'Oh, so that's who Richard Morris is..." Lord Hattersley on The Daily Politics

'An influential activist' - The Guardian

'Iain Dale, without the self loathing' - Matthew Fox in The New Statesman

You are a tinker...' - Tim Farron

Tuesday, 8 March 2011

I'm leaning towards Stephen Williams....

I rather like Stephen Williams’ plan that all UK shareholders should be given equal shares in the two banks in which the government is majority shareholder. It seems to me an entirely fair way of returning our investment into the hands of the people, and when the shares get sold the government recoups its money (which sits outside of the budget anyway). What’s more, the government may well get a greater return on its investment than a ‘conventional’ privatization as well, and everybody, not just those with capital to invest, owns the banks. The problem with conventional privatisations (alright, one of the problems..) is that even if you can invest, you end up paying for something you already own (which is also why I’ve never paid the admission money for a tour of Buckingham Palace…).

But best of all – and I’m surprised this isn’t the clincher for more people – as shareholders, we would get to vote on bankers pay and bonuses. I think we all know how that would go…

So far I’ve seen four arguments against. I’m not sure any of them hold water. They are:

1. ‘We can’t afford to give the money away’.

But we’re not. When citizens sell their shares, the government gets the investment back. We just keep any profit (in effect, it’s a share option hurdle scheme)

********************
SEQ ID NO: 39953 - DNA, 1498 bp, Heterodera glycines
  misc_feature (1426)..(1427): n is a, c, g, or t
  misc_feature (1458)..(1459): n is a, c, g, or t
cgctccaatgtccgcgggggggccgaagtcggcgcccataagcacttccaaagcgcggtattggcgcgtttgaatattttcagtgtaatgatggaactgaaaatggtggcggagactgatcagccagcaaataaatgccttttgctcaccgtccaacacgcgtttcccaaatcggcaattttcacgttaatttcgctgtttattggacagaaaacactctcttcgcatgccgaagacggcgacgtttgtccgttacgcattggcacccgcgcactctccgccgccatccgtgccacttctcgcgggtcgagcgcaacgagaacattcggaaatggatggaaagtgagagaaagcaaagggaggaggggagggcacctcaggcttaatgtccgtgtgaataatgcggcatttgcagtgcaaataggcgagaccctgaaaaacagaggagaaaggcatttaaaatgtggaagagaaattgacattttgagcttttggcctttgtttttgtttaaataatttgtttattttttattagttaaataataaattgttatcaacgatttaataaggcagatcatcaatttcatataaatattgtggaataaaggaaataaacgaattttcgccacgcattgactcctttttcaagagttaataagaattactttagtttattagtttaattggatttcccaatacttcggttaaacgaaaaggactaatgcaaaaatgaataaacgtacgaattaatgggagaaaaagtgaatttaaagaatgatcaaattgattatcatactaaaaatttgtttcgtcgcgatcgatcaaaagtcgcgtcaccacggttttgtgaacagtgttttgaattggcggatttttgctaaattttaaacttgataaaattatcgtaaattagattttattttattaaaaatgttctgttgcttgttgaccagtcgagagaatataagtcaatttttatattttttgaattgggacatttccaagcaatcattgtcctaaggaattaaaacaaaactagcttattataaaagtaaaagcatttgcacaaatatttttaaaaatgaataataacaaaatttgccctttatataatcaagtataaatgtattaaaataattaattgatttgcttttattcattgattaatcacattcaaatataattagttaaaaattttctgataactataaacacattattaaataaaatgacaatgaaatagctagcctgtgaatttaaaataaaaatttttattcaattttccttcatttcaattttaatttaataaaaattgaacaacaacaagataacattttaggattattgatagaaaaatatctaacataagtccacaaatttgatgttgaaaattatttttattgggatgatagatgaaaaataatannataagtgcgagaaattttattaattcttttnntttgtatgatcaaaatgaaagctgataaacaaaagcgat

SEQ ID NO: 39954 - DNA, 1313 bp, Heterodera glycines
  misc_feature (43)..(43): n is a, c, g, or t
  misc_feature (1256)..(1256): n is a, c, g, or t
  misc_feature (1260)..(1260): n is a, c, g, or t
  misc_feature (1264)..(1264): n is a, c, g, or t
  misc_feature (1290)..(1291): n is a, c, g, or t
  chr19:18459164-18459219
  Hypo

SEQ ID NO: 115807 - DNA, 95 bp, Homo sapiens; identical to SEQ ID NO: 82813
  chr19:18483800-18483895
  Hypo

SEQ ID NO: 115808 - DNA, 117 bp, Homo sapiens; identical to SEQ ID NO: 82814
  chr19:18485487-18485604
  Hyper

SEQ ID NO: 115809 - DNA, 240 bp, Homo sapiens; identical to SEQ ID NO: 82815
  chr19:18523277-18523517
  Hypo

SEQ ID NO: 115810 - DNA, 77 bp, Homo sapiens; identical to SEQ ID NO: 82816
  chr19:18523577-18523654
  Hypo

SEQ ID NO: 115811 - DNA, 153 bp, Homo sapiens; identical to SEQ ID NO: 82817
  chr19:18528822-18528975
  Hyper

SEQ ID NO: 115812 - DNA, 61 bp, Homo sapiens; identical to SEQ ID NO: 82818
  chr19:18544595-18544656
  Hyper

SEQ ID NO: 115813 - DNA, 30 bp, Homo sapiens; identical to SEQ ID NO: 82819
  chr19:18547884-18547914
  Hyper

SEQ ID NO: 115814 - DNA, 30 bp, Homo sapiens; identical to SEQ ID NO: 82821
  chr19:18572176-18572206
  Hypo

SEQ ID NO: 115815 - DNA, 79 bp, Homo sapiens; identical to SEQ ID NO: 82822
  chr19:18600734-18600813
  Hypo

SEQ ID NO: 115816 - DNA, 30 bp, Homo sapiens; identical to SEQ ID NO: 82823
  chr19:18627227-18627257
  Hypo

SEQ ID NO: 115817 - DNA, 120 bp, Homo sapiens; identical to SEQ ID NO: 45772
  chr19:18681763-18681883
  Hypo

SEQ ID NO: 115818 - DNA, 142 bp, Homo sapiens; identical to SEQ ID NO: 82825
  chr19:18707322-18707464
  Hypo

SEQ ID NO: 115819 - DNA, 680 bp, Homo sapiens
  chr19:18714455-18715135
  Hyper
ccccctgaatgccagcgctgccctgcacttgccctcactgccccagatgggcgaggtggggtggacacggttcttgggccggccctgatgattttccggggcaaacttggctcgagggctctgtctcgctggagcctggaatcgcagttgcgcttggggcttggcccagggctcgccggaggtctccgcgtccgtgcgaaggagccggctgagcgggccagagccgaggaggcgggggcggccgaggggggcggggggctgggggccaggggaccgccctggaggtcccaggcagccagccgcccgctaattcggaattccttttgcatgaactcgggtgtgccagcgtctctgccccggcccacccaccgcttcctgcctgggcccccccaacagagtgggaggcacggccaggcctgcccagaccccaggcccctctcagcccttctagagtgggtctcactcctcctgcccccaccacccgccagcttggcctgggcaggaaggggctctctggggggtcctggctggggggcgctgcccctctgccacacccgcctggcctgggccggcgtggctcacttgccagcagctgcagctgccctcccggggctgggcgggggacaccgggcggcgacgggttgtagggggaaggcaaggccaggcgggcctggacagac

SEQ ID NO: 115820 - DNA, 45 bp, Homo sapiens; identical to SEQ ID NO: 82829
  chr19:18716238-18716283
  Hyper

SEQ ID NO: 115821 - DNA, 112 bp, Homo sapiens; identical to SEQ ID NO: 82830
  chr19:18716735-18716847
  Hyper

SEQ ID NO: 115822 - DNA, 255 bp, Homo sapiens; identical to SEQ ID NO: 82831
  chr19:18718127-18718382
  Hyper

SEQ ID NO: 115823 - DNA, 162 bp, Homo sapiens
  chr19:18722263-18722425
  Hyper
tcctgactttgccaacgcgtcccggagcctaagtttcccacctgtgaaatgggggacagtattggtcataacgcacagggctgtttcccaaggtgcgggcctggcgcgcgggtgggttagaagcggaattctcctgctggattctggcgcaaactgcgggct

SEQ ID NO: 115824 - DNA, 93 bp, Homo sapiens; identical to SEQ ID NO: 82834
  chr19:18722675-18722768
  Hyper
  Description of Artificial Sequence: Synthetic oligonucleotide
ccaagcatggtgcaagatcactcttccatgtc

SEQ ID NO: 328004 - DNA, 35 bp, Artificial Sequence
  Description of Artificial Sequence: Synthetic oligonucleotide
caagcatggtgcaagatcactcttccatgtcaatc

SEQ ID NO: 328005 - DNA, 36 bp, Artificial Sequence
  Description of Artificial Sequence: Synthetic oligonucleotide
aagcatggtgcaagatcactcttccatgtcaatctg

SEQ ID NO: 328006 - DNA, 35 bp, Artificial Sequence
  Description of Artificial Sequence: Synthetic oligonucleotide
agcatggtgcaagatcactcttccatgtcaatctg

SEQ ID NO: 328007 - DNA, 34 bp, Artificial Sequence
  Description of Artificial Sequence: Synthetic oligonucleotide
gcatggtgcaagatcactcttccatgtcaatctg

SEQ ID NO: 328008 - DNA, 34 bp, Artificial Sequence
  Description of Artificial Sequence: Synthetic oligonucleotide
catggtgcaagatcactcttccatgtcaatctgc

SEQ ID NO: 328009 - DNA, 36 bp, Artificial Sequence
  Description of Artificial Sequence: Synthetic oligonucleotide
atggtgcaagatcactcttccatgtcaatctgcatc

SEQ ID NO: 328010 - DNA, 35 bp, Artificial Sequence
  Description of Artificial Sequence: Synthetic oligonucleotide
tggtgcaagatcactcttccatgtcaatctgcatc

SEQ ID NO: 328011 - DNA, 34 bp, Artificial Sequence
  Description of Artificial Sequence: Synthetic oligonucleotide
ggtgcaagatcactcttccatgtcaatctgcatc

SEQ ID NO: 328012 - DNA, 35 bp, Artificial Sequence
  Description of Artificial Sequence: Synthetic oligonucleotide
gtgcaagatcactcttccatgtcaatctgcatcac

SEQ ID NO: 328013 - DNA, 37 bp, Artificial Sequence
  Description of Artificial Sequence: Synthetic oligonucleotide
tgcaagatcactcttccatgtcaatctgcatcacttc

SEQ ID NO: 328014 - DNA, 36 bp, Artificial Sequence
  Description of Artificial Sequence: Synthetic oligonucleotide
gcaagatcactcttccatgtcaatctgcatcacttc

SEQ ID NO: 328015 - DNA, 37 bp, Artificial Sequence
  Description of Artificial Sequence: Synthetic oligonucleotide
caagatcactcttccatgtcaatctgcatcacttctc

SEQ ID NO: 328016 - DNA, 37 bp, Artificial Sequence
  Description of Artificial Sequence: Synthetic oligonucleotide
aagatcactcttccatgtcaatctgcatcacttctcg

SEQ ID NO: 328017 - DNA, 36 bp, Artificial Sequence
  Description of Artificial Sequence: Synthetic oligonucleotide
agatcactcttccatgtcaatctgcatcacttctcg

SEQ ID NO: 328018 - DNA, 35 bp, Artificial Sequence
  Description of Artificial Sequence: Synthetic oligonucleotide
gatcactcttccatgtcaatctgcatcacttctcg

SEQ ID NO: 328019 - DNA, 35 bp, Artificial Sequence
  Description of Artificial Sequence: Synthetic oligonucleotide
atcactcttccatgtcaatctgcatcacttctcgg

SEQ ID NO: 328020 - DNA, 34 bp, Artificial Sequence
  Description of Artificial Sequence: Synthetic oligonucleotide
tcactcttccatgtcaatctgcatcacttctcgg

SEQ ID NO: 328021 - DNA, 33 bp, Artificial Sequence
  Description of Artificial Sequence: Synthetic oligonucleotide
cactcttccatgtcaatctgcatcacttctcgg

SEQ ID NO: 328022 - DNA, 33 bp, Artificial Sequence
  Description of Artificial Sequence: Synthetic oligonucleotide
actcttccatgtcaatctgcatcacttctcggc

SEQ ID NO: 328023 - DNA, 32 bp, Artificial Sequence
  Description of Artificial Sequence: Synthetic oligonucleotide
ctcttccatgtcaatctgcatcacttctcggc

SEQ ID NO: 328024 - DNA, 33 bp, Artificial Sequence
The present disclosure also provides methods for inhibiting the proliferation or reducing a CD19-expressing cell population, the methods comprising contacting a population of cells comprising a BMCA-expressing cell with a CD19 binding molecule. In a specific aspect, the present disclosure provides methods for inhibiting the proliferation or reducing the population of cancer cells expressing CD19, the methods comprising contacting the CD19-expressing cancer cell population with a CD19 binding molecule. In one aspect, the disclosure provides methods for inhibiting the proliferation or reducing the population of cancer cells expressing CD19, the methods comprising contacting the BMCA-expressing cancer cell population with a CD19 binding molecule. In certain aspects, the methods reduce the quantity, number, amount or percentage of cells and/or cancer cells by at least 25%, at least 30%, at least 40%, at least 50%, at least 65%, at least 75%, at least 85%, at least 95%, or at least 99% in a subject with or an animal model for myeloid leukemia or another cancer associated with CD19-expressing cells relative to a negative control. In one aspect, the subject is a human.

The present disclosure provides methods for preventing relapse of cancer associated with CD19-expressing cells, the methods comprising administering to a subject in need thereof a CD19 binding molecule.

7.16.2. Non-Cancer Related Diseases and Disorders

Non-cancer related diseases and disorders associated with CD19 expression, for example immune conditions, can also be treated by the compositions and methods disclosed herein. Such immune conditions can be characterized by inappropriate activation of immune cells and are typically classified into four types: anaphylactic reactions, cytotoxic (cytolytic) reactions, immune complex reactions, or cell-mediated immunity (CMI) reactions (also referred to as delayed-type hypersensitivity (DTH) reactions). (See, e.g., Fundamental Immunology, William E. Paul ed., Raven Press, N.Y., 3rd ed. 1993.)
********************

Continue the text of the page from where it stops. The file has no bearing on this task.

2. ‘Individuals would have too small a shareholding to make a difference’

(Put forward by Liberal Vision).

Afraid I beg to differ. If individuals can be trusted to elect a government, they can certainly be organized enough to decide on some bank governance issues – like do we want the CEO to be paid a multi million pound bonus. It’s generally called the wisdom of the masses.

Just to re emphasis the point, currently the average share in the US is owned for…20 seconds, thanks to High Frequency Trading (hat tip to Liberal Eye for this amazing fact). So much for institutions being the best guardians of shareholder interests. Let the people have a turn.

3. ‘Shares should be divided according to how much tax an individual has paid, not equally’

(as put forward by Liberal Vision)

Nope. Equal share distribution by head would be a progressive and liberal way of divvying up the shares. Let’s not forget everyone – we’re all in this together!!

4. ‘Russian oligarchs will swoop in and buy our shares at knock down prices’

(as put forward by the Adam Smith institute).

But in fact the shares would be traded on a unique platform designed to prevent this sort of abuse. (see penultimate paragraph in linked article).

Now of course I’m not saying the idea is perfect – there are a lot of details to work out yet. But it’s creative, novel, fair, principled, progressive….

Even Andrew Neil seemed for it yesterday

Really – what’s not to like?

1 comment:

  1. What not too like? The banks eventually land up in the hands of the same shysters with the same business model as got us into this mess in the first place. We should go back to Plan A that Vince suggested back at the time of the collapse of Northern Rock-namely that they should be mutualised. The tax payer will get their stake back and we will have regional banks serving their members not managers driven by short term incentives to increase share holder value.